Daylight Savings confusion 100-Years-Ago
Daylight Savings Time was initially adopted as a consequence of World War I. When the United States joined the war, she too, like her allies, implemented this mechanism to minimize the use of artificial light, first introduced by Germany on April 30, 1916.
In the United States, Daylight Savings Time was first implemented on March 31, 1918. The March 30, 1918 issue of The York Daily contained the front-page article:
“P. K. Devers, who has charge of the court house clock, will set it forward after it strikes 9 o’clock tonight. When the clock next strikes it will sound 11. It will be one hour ahead of time when the bells of the city are rung at midnight, but will be on the regular schedule of all clocks of the county at 2 a.m., Sunday morning, old time, when it will strike the new time hour 3 o’clock.”
As a point of interest, P. K. Devers, is Philip Kissinger Devers, the father of 4-Star General Jake Devers, born and raised in York. As a young boy, Jake often accompanied his father on weekly visits to maintain the clock atop the York County Courthouse.
The previous day, March 29, 1918, Mayor Hugentugler of York issued a proclamation about implementing Daylight Savings Time:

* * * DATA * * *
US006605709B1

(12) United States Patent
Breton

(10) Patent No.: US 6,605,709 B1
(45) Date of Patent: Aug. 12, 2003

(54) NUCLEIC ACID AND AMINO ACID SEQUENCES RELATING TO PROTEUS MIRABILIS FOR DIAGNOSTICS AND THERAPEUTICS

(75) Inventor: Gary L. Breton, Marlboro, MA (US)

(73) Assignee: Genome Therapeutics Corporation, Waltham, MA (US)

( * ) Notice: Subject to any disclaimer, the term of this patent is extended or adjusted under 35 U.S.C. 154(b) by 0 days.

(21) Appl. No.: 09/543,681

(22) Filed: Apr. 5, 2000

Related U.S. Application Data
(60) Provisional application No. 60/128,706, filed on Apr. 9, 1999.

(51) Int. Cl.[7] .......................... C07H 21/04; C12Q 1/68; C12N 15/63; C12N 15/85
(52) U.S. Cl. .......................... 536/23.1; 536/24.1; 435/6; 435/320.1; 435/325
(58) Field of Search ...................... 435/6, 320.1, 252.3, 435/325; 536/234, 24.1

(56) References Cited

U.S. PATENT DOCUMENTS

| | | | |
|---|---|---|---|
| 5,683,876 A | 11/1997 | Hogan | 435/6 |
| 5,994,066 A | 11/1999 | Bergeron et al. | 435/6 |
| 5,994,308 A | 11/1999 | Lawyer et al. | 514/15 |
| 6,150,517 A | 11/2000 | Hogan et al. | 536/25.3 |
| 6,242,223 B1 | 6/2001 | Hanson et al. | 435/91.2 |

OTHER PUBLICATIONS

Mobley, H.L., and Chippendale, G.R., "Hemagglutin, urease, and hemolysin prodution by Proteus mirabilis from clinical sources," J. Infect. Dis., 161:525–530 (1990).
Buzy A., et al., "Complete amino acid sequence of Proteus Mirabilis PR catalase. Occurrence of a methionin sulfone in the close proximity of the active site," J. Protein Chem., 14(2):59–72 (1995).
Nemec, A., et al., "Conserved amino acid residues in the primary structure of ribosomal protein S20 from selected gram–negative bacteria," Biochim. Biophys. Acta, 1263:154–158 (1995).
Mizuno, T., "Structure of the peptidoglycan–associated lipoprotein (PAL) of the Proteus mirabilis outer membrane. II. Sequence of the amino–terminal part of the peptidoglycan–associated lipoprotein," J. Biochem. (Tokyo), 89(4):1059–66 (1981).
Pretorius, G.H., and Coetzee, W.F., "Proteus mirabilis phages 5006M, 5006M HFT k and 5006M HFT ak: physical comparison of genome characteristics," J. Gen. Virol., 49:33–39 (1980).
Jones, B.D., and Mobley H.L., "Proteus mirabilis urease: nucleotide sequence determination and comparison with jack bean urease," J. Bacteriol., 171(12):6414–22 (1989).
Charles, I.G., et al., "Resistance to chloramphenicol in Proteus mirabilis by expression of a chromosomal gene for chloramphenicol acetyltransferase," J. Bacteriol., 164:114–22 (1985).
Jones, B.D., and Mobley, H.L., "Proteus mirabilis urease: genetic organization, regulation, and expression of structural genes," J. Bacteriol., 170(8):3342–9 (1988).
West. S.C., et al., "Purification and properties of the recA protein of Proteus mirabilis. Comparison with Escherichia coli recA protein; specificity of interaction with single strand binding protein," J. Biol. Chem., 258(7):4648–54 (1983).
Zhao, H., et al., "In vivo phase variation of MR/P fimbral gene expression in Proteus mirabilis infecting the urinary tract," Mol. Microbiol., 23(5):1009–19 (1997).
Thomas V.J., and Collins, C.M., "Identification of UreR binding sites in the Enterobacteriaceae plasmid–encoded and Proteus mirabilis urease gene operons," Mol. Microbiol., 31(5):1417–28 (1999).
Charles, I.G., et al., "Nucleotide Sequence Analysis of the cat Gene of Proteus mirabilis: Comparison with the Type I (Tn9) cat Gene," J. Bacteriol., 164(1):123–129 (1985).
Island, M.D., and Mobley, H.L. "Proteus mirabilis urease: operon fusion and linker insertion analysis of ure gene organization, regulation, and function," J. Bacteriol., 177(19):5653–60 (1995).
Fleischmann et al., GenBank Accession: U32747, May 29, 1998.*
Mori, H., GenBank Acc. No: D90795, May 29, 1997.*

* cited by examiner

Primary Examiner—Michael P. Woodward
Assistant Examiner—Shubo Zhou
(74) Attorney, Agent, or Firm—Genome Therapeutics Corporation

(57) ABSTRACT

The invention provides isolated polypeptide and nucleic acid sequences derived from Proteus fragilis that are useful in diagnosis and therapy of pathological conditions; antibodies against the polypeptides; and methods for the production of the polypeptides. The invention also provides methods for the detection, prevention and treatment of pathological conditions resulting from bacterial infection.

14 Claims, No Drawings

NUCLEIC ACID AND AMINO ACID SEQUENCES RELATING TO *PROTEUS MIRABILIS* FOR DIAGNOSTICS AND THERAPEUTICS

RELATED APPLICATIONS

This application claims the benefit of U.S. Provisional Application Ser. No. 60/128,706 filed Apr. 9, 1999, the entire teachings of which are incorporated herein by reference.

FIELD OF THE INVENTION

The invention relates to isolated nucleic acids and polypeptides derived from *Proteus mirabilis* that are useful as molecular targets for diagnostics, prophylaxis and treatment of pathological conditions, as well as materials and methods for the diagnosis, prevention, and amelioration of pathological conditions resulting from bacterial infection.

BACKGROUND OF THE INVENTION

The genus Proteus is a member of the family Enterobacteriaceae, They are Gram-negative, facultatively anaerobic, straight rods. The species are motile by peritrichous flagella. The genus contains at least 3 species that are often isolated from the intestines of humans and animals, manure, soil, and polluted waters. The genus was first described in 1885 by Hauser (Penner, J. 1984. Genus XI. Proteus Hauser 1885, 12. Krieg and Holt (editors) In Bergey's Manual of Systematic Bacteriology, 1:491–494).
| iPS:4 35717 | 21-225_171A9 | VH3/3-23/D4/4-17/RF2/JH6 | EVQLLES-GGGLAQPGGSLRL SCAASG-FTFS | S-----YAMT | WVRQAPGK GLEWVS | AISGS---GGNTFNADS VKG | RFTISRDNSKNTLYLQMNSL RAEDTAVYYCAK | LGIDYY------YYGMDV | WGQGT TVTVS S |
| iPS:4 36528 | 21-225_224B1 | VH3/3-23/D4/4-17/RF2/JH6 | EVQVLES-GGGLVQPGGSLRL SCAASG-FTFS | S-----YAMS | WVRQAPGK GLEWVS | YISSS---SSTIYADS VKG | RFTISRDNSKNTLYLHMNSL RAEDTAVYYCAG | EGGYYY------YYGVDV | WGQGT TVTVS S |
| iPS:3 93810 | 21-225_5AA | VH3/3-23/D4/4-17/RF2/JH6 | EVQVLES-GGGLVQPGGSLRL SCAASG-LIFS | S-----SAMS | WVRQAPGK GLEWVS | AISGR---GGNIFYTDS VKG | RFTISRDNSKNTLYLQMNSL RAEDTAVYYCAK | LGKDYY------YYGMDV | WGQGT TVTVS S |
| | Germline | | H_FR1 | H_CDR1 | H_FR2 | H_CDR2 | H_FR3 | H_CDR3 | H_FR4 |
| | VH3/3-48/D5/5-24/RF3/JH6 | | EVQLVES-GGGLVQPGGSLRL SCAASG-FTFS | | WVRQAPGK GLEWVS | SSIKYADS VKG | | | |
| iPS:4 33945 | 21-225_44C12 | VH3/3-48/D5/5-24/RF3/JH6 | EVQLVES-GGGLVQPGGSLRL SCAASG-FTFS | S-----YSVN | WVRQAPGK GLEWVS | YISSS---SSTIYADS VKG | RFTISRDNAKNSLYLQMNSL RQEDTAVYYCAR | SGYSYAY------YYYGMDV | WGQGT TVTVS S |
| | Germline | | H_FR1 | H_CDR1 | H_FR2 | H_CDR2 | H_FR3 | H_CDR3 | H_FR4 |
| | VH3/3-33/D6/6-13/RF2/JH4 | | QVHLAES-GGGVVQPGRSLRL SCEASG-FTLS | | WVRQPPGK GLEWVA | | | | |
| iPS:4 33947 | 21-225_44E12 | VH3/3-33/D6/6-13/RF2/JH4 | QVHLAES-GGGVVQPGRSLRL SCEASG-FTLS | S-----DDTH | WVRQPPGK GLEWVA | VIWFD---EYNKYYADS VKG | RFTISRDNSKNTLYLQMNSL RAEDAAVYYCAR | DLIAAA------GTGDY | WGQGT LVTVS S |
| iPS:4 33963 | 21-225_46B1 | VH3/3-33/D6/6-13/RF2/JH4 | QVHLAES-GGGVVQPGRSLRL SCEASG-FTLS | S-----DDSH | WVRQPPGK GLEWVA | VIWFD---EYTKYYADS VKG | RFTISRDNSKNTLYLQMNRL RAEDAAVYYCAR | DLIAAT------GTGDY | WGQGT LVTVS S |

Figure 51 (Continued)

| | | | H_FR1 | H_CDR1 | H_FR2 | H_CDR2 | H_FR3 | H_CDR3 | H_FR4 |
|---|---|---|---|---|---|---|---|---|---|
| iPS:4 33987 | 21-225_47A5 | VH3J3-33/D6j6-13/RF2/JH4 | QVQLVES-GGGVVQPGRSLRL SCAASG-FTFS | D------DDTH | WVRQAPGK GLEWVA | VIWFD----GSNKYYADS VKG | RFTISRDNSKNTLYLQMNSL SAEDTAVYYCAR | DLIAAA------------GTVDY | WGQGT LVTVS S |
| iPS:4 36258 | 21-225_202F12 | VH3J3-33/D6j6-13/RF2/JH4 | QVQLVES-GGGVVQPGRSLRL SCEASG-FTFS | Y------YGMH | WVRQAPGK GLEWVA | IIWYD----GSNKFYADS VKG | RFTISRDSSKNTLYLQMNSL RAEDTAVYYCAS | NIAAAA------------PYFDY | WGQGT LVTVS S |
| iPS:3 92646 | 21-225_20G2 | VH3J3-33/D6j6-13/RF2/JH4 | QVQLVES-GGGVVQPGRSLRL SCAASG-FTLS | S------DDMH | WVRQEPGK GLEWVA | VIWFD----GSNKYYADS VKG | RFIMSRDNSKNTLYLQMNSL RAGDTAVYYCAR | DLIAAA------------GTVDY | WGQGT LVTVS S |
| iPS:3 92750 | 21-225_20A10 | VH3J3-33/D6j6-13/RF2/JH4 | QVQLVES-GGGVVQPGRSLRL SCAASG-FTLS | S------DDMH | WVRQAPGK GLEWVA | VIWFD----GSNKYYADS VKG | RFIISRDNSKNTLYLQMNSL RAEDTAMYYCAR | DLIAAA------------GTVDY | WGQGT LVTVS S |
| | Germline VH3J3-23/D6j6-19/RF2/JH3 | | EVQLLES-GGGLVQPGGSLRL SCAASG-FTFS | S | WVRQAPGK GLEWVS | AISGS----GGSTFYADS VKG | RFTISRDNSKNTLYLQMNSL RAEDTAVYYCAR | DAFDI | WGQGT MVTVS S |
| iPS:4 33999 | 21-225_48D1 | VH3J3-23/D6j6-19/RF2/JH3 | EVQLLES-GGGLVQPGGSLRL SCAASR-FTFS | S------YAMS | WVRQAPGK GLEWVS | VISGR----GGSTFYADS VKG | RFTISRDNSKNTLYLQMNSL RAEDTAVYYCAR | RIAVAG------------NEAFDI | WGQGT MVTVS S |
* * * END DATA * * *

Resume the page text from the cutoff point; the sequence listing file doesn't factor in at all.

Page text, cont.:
“To the citizens of York: As the saving of an hour of daylight each day this summer, as authorized by congressional enactment, becomes effective Sunday March 31, and believing that some confusion on the part of the public may be caused unless all cooperate to make the new system of time a success. I, as mayor of the city of York, most respectfully call upon all owners of industrial plants, to sound the whistles of their plants, and all churches to ring their bells, at 12 o’clock Saturday night.”
“I believe this is the best way in which the public can be reminded to turn on their clocks and watches to 1 a.m. and which will also announce to our citizens the arrival of Easter morning. The hearty cooperation of all our citizens is most earnestly requested so that when we arise on Sunday morning, the new system of time will be in vogue, and no confusion on the part of the public will be experienced. (Signed) E. S. Hugentugler, Mayor.”
In York County, as in the rest of the nation, there were articles blaming confusion that ensued on everything from: Germany for first implementing “this crazy scheme,” to our government for following in kind. After World War I ended, Daylight Savings Time was repealed in the United States. It returned briefly during WWII, plus locally and regionally around the country at other times, before being adopted nationally in 1966.
Links to related posts include: